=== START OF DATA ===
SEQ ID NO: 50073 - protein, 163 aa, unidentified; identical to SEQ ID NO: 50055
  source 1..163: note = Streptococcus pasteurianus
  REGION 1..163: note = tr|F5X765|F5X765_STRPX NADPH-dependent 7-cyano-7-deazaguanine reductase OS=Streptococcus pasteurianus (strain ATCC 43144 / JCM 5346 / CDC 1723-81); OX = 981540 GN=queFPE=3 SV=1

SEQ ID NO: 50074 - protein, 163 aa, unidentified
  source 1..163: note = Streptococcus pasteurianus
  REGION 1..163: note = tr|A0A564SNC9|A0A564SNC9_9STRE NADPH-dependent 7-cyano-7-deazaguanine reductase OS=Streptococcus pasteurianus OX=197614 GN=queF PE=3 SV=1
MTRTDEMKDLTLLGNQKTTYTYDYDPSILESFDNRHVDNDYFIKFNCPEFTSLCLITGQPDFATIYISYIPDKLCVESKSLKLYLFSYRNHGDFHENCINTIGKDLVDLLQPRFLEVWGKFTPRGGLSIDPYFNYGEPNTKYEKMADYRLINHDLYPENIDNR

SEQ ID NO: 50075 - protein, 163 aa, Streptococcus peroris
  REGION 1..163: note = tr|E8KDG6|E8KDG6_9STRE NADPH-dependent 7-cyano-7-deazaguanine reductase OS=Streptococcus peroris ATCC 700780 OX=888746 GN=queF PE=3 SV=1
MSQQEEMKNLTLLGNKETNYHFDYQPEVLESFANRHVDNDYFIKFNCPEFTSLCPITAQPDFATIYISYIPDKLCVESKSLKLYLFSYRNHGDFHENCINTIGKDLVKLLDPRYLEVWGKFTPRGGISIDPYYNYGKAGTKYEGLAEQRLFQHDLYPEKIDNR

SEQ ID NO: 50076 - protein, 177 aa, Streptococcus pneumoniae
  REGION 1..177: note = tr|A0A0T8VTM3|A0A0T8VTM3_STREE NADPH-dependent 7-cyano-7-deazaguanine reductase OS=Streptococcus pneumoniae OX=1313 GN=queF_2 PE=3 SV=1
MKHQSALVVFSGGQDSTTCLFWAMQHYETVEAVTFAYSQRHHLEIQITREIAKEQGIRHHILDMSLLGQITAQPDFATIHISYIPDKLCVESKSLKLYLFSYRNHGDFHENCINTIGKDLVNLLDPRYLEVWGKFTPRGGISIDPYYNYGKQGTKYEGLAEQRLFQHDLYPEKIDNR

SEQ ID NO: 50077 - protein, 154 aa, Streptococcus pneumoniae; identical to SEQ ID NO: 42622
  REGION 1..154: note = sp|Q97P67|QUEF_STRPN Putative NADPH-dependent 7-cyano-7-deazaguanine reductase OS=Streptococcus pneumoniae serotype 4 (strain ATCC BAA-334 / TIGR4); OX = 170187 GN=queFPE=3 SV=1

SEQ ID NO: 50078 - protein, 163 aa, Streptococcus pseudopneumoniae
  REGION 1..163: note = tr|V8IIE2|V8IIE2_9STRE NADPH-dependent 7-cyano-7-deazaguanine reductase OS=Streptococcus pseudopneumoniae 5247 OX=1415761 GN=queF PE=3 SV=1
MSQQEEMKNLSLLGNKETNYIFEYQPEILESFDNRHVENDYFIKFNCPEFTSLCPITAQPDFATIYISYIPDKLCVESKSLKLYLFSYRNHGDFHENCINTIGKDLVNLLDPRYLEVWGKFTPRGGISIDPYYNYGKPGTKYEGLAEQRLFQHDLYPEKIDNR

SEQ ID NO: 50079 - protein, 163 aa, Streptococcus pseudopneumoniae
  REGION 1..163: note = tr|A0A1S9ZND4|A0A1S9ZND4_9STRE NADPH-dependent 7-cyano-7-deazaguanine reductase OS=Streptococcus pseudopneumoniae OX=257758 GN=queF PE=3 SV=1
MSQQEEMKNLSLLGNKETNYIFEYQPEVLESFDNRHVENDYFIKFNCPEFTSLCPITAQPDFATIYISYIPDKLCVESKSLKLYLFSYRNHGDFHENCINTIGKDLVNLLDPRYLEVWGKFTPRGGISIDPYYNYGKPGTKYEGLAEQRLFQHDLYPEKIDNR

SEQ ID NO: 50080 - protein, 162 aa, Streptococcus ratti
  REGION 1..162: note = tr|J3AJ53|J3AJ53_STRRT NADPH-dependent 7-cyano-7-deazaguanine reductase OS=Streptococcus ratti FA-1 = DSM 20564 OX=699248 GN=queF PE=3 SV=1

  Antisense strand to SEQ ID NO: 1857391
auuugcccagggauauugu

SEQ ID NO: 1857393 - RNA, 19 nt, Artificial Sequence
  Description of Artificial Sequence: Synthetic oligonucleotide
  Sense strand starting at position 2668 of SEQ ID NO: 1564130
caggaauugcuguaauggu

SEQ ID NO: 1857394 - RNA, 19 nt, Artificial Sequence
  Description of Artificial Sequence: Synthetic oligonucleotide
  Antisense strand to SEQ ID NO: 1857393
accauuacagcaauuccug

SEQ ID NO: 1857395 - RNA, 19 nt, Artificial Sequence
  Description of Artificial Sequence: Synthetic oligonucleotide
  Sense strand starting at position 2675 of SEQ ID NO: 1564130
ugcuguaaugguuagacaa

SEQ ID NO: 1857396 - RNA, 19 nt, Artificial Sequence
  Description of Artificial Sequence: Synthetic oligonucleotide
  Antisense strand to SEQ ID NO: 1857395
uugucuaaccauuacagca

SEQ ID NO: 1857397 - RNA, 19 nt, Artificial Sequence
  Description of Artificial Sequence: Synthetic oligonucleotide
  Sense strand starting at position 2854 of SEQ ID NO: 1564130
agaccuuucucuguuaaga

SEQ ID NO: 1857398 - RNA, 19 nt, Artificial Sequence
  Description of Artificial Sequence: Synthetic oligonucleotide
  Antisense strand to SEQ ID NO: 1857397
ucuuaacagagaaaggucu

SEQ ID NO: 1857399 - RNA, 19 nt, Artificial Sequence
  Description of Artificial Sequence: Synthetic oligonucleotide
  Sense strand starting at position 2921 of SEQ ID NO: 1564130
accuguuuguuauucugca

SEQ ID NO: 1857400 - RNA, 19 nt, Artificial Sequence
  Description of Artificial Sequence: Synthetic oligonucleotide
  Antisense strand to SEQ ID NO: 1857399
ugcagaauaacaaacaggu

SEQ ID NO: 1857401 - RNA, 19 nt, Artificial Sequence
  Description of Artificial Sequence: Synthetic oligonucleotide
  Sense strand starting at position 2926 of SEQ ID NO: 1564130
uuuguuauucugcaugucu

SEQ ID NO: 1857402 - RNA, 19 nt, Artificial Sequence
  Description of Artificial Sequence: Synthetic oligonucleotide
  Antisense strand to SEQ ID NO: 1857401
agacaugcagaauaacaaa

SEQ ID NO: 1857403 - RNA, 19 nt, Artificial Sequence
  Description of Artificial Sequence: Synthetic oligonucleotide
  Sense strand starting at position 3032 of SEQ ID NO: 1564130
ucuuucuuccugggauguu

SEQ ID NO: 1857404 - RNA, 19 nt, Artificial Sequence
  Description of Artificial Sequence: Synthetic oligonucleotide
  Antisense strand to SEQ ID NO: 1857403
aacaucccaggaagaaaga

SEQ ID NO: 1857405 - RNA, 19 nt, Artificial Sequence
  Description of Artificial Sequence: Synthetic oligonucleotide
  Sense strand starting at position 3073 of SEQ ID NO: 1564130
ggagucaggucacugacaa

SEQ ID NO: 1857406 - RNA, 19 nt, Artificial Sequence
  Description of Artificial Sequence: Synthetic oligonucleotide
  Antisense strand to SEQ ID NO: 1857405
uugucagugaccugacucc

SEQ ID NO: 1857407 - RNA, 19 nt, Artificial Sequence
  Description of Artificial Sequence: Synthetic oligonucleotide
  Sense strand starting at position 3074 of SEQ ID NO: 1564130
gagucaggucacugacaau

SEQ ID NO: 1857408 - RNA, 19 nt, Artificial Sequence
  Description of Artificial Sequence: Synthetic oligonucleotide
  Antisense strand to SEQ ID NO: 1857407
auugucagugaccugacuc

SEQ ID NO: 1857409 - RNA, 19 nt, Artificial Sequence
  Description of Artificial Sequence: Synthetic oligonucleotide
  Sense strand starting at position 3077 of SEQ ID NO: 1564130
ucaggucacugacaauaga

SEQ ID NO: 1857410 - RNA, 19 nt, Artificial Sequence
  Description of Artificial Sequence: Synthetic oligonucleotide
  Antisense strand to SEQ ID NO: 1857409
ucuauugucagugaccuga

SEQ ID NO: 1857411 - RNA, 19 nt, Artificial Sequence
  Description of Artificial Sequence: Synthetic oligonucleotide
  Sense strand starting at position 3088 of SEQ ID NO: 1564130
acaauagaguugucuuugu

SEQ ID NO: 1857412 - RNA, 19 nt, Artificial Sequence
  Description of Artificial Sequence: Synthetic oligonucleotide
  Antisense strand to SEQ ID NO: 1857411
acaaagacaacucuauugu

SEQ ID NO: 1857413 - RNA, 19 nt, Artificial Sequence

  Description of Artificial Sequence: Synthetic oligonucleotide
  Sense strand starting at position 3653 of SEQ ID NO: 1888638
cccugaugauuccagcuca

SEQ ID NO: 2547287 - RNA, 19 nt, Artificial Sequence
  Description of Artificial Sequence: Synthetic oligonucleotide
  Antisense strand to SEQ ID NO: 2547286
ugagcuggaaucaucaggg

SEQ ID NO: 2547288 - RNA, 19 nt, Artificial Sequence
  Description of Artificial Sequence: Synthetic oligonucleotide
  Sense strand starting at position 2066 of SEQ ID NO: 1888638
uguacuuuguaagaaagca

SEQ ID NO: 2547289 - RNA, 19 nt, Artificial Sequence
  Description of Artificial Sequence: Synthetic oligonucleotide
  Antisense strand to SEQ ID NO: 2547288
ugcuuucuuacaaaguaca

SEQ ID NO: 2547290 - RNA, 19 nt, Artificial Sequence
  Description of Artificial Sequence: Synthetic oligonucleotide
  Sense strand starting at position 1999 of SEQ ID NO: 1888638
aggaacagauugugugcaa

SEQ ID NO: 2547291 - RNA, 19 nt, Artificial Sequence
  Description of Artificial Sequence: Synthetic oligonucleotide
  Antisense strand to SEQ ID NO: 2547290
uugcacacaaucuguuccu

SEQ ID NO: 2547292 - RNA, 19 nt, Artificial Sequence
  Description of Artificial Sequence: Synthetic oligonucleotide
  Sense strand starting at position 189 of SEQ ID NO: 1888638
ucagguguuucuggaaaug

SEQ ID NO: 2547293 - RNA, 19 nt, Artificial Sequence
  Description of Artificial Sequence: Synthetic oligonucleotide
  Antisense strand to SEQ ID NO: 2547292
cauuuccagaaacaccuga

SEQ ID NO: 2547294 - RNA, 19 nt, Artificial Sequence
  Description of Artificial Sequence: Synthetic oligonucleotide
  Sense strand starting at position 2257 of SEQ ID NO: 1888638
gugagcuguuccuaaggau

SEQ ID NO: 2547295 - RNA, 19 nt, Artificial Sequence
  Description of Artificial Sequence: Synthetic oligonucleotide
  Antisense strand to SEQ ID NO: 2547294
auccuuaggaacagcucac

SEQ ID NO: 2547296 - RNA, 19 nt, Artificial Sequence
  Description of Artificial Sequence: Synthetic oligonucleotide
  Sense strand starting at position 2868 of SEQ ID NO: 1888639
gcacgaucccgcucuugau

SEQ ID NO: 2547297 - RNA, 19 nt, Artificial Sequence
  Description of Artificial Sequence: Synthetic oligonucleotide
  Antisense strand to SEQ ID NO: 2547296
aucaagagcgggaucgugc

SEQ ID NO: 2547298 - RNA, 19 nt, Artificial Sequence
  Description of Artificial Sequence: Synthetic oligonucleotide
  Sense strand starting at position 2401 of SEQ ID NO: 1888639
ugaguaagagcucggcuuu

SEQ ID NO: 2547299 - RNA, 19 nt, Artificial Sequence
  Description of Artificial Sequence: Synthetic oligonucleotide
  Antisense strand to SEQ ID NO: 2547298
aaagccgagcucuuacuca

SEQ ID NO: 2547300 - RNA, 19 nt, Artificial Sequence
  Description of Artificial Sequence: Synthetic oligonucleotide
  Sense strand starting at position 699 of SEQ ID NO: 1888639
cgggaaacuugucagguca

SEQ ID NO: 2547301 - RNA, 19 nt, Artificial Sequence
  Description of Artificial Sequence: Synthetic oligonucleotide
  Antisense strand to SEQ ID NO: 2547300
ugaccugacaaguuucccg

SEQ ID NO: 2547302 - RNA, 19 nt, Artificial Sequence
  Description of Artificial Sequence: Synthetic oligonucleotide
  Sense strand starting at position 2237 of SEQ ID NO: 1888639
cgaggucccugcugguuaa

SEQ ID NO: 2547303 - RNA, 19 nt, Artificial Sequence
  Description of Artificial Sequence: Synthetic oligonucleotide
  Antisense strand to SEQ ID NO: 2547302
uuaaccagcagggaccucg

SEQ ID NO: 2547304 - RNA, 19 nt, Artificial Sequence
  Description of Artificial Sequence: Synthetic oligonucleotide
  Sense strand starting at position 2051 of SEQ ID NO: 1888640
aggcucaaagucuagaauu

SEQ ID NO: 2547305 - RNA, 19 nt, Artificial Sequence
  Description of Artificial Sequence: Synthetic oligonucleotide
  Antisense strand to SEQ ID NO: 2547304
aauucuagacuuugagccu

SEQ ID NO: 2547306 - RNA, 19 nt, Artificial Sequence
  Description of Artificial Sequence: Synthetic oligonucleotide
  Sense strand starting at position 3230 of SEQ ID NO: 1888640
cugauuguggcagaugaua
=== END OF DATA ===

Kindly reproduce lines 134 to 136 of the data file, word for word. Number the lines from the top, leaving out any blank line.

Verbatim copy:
SEQ ID NO: 2547293 - RNA, 19 nt, Artificial Sequence
  Description of Artificial Sequence: Synthetic oligonucleotide
  Antisense strand to SEQ ID NO: 2547292